Joey and Riley by Mandy Foot ($16, PB)
Joey lives on a farm with his mum, his grandad, and his best friend—Riley, a working dog. Joey & Riley are inseparable, but when Joey and his mum have to move to town so that she can find work the only way he can in touch with his beloved dog is through his grandad’s letters. Until the day Grandad writes to say Riley has gone missing in a big storm. Joey is devastated—but things might not be as they seem. Mandy Foot’s naturalistic illustrations beautifully capture Australian rural life.
Storm & Sun by Sam Usher ($17, PB)
From the best tradition of children’s literature—books based in reality but that take a flying leap into fantasy—these two picture books are a celebration of different weathers, and where your imagination can take you. A little boy and his grandfather travel to the most unlikely places in both these books, the dynamic watercolour illustrations are full of fun details, with lots of colour and movement. There are also two other books in this series, Rain ($17, PB) and Snow Day ($20, HB), and they are both equally exciting. Louise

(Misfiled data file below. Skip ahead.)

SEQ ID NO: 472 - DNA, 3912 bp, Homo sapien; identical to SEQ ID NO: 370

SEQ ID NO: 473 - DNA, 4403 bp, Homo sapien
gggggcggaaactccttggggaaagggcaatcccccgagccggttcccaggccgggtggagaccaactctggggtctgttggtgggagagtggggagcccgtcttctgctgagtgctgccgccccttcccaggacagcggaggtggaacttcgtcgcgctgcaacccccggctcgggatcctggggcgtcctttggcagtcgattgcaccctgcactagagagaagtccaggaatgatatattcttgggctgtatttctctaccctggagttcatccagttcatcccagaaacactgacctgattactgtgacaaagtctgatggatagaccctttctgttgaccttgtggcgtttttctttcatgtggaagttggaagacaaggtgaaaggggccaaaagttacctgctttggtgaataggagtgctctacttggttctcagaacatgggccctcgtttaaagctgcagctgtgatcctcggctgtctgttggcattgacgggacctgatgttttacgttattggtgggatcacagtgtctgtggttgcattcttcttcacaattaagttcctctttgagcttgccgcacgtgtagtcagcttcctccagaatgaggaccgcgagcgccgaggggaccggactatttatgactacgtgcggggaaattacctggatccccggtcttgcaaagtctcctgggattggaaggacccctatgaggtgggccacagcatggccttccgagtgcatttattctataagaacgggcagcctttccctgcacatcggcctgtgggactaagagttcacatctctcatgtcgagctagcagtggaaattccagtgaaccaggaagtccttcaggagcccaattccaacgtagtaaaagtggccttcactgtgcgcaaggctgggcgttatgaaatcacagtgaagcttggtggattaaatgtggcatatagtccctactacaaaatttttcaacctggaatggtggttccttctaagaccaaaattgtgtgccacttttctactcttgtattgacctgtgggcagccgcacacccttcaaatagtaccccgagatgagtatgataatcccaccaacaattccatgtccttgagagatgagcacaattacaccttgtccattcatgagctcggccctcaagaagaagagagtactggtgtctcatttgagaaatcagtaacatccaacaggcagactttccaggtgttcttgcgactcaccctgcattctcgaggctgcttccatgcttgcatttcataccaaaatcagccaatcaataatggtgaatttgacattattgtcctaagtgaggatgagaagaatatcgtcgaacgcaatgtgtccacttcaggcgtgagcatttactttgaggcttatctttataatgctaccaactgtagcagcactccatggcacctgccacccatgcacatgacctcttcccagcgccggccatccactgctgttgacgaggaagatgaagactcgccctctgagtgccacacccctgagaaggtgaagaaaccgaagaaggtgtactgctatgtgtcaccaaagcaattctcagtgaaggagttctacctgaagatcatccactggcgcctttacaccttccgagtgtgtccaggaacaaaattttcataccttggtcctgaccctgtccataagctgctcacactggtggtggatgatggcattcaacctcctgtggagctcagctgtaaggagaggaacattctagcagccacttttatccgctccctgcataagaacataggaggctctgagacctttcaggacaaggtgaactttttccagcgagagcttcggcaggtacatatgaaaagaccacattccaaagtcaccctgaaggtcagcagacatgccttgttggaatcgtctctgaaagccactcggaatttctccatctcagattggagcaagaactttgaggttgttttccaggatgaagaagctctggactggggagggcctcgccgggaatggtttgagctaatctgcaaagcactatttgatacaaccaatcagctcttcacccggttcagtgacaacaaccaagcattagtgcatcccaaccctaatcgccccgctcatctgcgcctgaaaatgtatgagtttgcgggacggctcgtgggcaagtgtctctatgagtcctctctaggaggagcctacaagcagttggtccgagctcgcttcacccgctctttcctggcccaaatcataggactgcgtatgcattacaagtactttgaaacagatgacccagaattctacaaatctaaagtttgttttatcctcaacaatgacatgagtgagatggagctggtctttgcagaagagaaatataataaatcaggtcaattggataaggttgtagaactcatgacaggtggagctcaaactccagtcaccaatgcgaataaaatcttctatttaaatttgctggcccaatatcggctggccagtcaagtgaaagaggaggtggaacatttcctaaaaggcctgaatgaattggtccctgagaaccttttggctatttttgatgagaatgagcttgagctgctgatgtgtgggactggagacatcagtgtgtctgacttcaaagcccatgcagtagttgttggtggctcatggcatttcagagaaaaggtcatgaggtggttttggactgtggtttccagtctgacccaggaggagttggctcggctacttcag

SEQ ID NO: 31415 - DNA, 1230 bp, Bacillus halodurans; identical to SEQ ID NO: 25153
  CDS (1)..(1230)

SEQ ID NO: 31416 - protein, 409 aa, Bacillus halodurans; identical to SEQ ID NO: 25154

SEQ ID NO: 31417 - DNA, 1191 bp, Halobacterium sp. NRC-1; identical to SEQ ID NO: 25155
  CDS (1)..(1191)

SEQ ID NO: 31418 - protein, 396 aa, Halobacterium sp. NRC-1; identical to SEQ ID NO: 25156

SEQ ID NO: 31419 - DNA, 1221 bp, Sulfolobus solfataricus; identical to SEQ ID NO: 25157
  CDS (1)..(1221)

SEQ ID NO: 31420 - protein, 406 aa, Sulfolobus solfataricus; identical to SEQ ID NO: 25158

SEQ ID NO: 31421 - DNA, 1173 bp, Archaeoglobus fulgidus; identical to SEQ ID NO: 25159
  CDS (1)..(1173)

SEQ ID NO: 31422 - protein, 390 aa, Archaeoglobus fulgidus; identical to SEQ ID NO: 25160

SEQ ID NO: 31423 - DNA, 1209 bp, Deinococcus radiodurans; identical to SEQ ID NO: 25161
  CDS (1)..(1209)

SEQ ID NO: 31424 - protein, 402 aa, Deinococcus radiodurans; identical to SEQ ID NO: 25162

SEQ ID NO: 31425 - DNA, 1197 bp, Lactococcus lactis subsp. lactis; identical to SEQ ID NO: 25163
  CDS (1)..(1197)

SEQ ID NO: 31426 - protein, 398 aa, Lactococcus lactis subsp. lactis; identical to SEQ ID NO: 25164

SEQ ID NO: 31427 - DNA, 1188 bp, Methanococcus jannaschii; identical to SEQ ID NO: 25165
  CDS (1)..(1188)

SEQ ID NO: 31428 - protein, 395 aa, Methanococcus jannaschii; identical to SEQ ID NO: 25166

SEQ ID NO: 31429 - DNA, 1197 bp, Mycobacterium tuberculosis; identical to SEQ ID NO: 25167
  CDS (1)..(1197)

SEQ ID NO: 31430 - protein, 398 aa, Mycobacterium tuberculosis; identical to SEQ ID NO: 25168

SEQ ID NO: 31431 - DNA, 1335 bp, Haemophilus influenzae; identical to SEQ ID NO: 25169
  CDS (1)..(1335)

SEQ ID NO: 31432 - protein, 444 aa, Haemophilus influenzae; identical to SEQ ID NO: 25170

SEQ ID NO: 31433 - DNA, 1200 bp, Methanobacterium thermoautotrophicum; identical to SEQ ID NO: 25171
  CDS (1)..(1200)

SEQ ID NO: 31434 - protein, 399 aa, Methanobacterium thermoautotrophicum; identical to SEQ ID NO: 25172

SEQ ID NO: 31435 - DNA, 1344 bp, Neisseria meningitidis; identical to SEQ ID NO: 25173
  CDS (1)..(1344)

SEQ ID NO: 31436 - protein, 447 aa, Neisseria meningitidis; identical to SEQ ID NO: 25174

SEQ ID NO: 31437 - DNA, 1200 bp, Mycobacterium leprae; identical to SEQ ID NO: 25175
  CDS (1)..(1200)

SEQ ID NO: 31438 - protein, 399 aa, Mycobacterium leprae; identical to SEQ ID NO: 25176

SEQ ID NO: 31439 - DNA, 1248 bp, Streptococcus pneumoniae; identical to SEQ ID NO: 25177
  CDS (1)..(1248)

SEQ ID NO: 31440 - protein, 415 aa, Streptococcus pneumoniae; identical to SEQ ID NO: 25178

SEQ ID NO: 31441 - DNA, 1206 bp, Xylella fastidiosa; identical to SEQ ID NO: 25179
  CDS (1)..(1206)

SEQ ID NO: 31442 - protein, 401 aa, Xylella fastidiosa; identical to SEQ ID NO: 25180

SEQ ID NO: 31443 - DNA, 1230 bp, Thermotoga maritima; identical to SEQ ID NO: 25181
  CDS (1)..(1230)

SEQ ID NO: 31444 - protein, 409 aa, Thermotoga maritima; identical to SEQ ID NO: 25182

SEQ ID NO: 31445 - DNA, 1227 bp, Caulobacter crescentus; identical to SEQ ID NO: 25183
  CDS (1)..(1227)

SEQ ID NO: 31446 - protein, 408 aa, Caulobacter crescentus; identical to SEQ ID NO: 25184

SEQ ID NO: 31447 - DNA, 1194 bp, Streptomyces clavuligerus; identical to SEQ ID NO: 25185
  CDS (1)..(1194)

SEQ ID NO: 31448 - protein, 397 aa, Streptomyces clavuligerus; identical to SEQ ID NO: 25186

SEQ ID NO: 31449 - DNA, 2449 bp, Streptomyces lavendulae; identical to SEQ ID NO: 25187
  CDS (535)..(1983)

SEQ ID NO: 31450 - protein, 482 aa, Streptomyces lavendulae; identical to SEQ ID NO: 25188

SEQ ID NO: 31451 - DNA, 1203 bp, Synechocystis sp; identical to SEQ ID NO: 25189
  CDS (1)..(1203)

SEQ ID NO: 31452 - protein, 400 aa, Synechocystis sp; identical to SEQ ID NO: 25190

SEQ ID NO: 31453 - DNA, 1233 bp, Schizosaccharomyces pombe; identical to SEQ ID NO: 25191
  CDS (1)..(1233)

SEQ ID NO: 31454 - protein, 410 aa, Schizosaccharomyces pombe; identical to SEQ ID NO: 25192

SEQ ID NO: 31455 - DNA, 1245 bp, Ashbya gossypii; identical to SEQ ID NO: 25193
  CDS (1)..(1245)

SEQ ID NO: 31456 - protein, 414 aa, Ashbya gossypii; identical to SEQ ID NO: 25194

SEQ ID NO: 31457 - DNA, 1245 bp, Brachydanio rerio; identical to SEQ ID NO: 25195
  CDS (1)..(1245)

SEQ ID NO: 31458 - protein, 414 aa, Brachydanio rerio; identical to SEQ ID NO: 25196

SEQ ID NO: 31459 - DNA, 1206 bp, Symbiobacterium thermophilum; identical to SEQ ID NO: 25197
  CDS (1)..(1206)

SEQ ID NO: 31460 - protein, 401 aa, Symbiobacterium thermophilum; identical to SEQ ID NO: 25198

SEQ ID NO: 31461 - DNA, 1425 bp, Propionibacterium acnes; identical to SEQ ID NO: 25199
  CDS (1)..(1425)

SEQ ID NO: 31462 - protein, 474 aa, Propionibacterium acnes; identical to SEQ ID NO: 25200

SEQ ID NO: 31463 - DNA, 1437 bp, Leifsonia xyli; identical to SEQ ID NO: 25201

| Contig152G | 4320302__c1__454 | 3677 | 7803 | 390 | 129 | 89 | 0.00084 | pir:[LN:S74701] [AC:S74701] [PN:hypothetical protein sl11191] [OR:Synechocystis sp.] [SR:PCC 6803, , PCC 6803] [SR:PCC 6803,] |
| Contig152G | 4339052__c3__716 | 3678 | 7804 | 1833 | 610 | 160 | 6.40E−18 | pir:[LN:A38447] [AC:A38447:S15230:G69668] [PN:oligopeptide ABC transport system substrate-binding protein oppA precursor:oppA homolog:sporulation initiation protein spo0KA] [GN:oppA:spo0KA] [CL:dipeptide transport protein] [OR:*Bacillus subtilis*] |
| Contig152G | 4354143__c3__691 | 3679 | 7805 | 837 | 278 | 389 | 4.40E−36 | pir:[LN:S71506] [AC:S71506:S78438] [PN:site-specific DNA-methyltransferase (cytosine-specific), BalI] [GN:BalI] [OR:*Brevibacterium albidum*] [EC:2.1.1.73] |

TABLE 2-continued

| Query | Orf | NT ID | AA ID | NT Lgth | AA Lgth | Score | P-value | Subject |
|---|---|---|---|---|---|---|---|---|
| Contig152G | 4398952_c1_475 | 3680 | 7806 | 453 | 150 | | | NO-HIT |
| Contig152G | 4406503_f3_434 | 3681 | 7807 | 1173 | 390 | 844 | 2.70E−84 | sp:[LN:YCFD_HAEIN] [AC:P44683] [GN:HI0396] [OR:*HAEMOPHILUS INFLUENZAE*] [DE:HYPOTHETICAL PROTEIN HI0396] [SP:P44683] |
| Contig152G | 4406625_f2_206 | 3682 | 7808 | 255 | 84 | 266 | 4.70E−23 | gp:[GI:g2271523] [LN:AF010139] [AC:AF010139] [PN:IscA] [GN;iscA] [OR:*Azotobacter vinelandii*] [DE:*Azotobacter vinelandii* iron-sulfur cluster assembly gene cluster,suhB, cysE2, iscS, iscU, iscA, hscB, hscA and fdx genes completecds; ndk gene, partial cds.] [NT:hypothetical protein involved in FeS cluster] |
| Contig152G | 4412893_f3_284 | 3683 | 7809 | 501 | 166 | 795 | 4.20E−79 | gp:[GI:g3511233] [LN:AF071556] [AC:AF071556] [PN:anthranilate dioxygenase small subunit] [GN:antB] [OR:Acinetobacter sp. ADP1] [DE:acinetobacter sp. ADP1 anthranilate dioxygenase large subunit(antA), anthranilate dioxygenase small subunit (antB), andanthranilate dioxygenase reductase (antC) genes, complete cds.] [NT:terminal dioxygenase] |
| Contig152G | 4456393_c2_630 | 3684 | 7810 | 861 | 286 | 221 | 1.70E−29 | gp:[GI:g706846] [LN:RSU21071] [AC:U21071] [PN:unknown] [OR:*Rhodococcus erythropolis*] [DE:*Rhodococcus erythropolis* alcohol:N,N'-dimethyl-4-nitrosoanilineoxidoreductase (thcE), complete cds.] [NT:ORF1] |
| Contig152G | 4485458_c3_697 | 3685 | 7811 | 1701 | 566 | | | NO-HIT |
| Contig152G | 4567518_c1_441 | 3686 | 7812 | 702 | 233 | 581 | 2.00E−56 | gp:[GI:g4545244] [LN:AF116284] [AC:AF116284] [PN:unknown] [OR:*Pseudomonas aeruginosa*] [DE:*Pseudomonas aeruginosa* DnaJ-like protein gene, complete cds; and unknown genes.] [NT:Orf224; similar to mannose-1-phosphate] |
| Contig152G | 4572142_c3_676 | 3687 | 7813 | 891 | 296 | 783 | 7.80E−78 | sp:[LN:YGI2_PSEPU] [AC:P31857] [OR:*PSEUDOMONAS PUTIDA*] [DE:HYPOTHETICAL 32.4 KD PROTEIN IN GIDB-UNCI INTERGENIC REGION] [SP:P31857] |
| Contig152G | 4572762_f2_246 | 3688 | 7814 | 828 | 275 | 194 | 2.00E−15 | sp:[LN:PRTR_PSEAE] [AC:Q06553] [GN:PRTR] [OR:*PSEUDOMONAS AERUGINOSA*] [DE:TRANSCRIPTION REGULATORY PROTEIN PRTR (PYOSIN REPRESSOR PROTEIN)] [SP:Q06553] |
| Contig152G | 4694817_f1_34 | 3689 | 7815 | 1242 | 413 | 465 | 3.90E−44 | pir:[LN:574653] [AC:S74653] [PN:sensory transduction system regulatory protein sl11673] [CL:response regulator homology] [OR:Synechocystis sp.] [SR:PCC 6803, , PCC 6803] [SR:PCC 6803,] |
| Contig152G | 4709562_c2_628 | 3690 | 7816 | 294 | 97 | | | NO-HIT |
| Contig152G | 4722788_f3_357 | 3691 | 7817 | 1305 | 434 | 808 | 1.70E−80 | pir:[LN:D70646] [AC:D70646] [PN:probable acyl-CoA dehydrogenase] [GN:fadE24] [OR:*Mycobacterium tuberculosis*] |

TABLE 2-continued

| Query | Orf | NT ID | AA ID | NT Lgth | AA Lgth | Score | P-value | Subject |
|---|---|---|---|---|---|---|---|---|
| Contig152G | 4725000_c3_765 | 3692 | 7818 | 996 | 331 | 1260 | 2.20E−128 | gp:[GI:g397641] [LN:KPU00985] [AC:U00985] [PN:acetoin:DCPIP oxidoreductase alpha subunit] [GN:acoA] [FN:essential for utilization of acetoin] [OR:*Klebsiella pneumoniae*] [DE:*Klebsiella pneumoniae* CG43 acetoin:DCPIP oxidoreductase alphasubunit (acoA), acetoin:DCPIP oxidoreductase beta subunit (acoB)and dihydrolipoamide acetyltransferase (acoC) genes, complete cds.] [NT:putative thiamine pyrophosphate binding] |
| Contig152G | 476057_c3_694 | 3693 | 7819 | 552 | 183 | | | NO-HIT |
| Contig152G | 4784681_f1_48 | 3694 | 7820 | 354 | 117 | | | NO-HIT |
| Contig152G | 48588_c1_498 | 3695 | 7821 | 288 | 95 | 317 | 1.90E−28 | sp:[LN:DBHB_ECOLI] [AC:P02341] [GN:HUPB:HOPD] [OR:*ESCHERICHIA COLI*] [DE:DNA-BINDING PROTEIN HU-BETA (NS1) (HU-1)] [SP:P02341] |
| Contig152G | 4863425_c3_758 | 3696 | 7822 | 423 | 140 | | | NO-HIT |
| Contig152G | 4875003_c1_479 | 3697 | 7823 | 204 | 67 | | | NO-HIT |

Baby Business by Jasmine Seymour ($25, HB)
Jasmine Seymour is a primary school teacher in the Hawkesbury area of NSW. She is also is a Darug woman and a descendant of Maria Lock, daughter of Yarramundi, the Boorooberongal Elder who had met Governor Phillip on the banks of the Hawkesbury in 1791—and her hope is that through her books, everyone will know that the Darug mob are still here, still strong. This book tells the story of the baby smoking ceremony that welcomes baby to country. The smoke is a blessing—it will protect the baby and remind them that they belong. Seymour tells this beautiful ritual in a way that young children will understand and relate to.
Hello, Horse ($17, PB) by Vivian French (ill) Catherine Rayner
In this Nature Storybook Vivian French & award-winning illustrator create a warm and witty introduction to horses—from the safety of the page! Children unfamiliar with, or a little nervous of, these large, beautiful creatures are introduced to Shannon, a friendly chestnut mare—the text giving practical tips like the right way to offer an apple, and explanations about their life cycle, and horse behaviour, like their need for company.